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The Best Android Tablets: Wirecutter Reviews


A closeup of a person holding an Asus Zenpad 3S 10.
The Asus ZenPad 3S 10 is a well-rounded Android tablet at a good price. Photo: Ryan Whitwam

Our pick

Asus ZenPad 3S 10

The Asus ZenPad 3S 10 offers the best combination of features, performance, and price for most Android tablet buyers. The high-resolution 9.7-inch screen produces crisp text and detailed images; it’s not as bright or vibrant as the screen on Samsung’s Galaxy Tab S3, our upgrade pick, but the Tab S3 costs almost twice as much. The ZenPad 3S 10 costs less than $300 and has enough power to run apps in split-screen mode, a feature of its recent upgrade to Android 7.0. The ZenPad has the same screen size and resolution (2048×1536) as the 5th-generation iPad, and a similarly durable metal frame, but it’s even thinner and lighter.

The ZenPad offers a visual experience that Pocket-lint calls “pleasant enough.” The colors are accurate, and brightness is good for use in bright rooms or outdoors. The viewing angles are sufficiently wide that you don’t have to hold it at a particular angle when watching video, but the squarish 4:3 screen ratio means you’ll have black bars on most videos. The upside is that apps running in split-screen mode will make better use of screen real estate. The ZenPad’s display lacks the vibrant colors and deep blacks of the Tab S3’s AMOLED, but it’s better in every way compared with the screen on the Fire HD 8, our pick for the best cheap tablet.

A closeup of the back of a gray Asus ZenPad 3S.
Asus sells the ZenPad 3S in two different colors; this is the gray version. Photo: Ryan Whitwam

The ZenPad 3S 10 includes a 5,900 mAh battery, which is nearly as large as the 6,000 mAh in Samsung’s Tab S3. The Asus tablet is less demanding, so you may need to recharge this tablet only two or three times per week. CNET got more than 10 hours of screen time, which matches our testing. When you’re not using it, the ZenPad sips battery, letting it sleep for more than a week before shutting down—a significant improvement thanks to the update to Android 7.0. The ZenPad uses a USB Type-C port for charging, the same as high-end Android phones like the Google Pixel 2 and Samsung Galaxy S8.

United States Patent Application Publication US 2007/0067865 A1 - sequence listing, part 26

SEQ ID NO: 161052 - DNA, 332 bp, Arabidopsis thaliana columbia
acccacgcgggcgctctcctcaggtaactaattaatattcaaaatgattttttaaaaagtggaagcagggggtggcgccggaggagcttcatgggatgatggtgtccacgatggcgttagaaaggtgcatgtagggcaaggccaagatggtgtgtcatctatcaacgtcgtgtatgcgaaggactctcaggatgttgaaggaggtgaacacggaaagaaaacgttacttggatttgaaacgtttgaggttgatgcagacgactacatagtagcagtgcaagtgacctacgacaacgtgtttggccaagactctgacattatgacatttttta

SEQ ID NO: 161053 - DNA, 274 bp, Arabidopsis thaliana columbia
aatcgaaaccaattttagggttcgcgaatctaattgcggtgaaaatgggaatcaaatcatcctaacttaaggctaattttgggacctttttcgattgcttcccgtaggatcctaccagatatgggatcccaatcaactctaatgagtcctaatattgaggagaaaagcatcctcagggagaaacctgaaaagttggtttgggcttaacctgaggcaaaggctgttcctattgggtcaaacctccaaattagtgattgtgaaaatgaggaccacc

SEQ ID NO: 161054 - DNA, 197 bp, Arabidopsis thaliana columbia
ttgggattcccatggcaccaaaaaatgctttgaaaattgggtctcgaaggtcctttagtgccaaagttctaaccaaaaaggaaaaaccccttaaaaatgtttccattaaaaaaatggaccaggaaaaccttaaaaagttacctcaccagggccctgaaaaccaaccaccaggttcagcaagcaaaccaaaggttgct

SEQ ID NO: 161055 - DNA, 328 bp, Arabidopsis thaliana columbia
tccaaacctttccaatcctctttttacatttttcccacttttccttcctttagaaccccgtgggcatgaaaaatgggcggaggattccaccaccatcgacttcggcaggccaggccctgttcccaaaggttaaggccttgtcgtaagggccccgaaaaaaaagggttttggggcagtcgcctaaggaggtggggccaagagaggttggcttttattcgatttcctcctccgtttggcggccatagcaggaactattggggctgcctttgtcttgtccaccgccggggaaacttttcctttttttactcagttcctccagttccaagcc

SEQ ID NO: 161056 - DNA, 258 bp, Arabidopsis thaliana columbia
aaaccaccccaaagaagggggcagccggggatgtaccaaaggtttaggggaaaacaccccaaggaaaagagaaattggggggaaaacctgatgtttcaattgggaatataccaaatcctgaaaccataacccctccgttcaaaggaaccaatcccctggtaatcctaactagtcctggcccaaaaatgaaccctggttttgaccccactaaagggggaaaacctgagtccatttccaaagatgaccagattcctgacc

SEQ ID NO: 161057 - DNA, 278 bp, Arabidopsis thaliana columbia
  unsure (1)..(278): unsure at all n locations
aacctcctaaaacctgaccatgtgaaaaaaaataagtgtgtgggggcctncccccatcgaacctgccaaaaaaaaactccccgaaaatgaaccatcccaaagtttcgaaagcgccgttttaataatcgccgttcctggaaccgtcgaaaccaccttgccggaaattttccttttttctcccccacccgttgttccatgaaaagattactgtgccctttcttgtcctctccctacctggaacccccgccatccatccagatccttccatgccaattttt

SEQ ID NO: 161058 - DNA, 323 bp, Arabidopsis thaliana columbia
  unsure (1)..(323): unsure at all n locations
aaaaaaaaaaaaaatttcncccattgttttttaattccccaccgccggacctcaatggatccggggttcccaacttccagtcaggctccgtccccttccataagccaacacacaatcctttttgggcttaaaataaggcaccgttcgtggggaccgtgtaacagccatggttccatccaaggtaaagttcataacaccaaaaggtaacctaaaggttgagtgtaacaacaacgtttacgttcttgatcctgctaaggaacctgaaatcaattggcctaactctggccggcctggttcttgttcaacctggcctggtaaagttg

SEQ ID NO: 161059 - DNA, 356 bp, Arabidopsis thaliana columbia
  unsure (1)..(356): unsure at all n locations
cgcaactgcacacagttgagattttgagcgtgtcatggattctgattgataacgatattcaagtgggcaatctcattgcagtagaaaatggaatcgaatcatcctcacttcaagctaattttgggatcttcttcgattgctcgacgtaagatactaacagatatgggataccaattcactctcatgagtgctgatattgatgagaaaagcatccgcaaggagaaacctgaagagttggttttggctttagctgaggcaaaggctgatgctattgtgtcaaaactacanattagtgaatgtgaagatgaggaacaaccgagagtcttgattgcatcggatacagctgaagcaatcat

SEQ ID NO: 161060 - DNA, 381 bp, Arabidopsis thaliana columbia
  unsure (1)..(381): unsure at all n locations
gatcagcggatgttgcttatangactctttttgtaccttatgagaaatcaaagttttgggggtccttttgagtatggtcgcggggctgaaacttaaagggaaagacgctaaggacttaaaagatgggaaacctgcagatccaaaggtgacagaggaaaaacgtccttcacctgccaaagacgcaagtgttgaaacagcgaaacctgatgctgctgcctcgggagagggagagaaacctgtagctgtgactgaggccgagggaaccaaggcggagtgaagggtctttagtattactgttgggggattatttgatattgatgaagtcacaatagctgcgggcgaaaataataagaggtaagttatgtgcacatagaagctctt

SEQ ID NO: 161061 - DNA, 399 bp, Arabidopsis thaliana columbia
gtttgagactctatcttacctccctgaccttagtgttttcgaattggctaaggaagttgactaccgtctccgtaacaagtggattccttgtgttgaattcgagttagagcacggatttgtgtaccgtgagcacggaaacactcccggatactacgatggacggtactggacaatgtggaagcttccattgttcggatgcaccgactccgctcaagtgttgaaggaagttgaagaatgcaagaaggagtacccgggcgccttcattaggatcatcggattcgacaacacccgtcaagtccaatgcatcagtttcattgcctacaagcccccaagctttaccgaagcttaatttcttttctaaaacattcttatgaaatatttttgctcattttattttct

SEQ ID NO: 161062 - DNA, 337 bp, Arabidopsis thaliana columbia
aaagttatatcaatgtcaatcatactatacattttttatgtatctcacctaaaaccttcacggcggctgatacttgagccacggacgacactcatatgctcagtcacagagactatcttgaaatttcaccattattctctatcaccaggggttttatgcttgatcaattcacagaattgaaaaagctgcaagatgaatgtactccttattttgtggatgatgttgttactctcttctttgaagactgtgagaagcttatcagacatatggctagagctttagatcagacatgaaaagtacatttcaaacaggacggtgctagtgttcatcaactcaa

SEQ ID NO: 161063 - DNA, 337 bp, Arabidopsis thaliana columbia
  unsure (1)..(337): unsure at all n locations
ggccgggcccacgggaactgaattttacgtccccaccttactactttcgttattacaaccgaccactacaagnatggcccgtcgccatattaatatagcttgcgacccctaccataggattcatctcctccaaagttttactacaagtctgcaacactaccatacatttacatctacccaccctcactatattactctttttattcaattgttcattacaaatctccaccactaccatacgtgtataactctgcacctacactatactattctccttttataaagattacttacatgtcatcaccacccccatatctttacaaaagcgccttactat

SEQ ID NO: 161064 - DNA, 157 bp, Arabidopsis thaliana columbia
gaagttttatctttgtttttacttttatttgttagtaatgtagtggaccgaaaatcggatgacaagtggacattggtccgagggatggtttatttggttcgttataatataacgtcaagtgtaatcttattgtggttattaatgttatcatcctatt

Many tablets, like the Nvidia Shield Tablet we previously recommended, have plastic bodies. The ZenPad 3S 10 is made from sturdy aluminum, and it’s slightly lighter than the 5th-generation iPad. Below the display (in portrait orientation) is a physical home button and capacitive back and multitasking buttons. We prefer on-screen buttons because they’re easier to press and they rotate with the tablet, but these buttons are responsive and brightly lit. The home button also doubles as a fingerprint sensor, and it’s extremely fast and accurate.

The ZenPad 3S 10 has a six-core processor and 4 GB of RAM. It’s a MediaTek processor rather than the more common Qualcomm Snapdragon, and we’ve found MediaTek chips too slow in the past. However, this is one of the faster processors MediaTek sells—the ZenPad is actually a surprisingly snappy tablet that almost matches the performance of the Tab S3. Corbin Davenport at Android Police agrees, writing, “Applications open extremely quick, animations are smooth, and switching between apps is instant.” If you want to save a large amount of video or music offline, the ZenPad comes with 64 GB of internal storage space plus a microSD card slot.

We tested the ZenPad 3S 10 with a number of games, most of which performed very well. However, heavy 3D graphics will push the MediaTek GPU to its limits, which can lead to stuttering in especially demanding games. Overall performance is close to that of the Galaxy Tab S3, and far better than with the Amazon Fire HD 8.

The ZenPad 3S 10 launched with Android 6.0 Marshmallow, but was updated to Android 7.0 Marshmallow during the summer of 2017. This update added a number of important features, including split-screen apps. Nougat-powered phones have this feature as well, but it makes much more sense on a tablet’s larger screen. Nougat also brought a more-efficient version of Android’s low-power Doze mode, which saves battery life when the tablet is asleep. Asus also made some changes to its ZenUI software layer, which had some serious issues in Android 6.0. Colors are now more consistent, there are fewer pre-loaded apps, and the home screen includes access to the personalized Google Feed.



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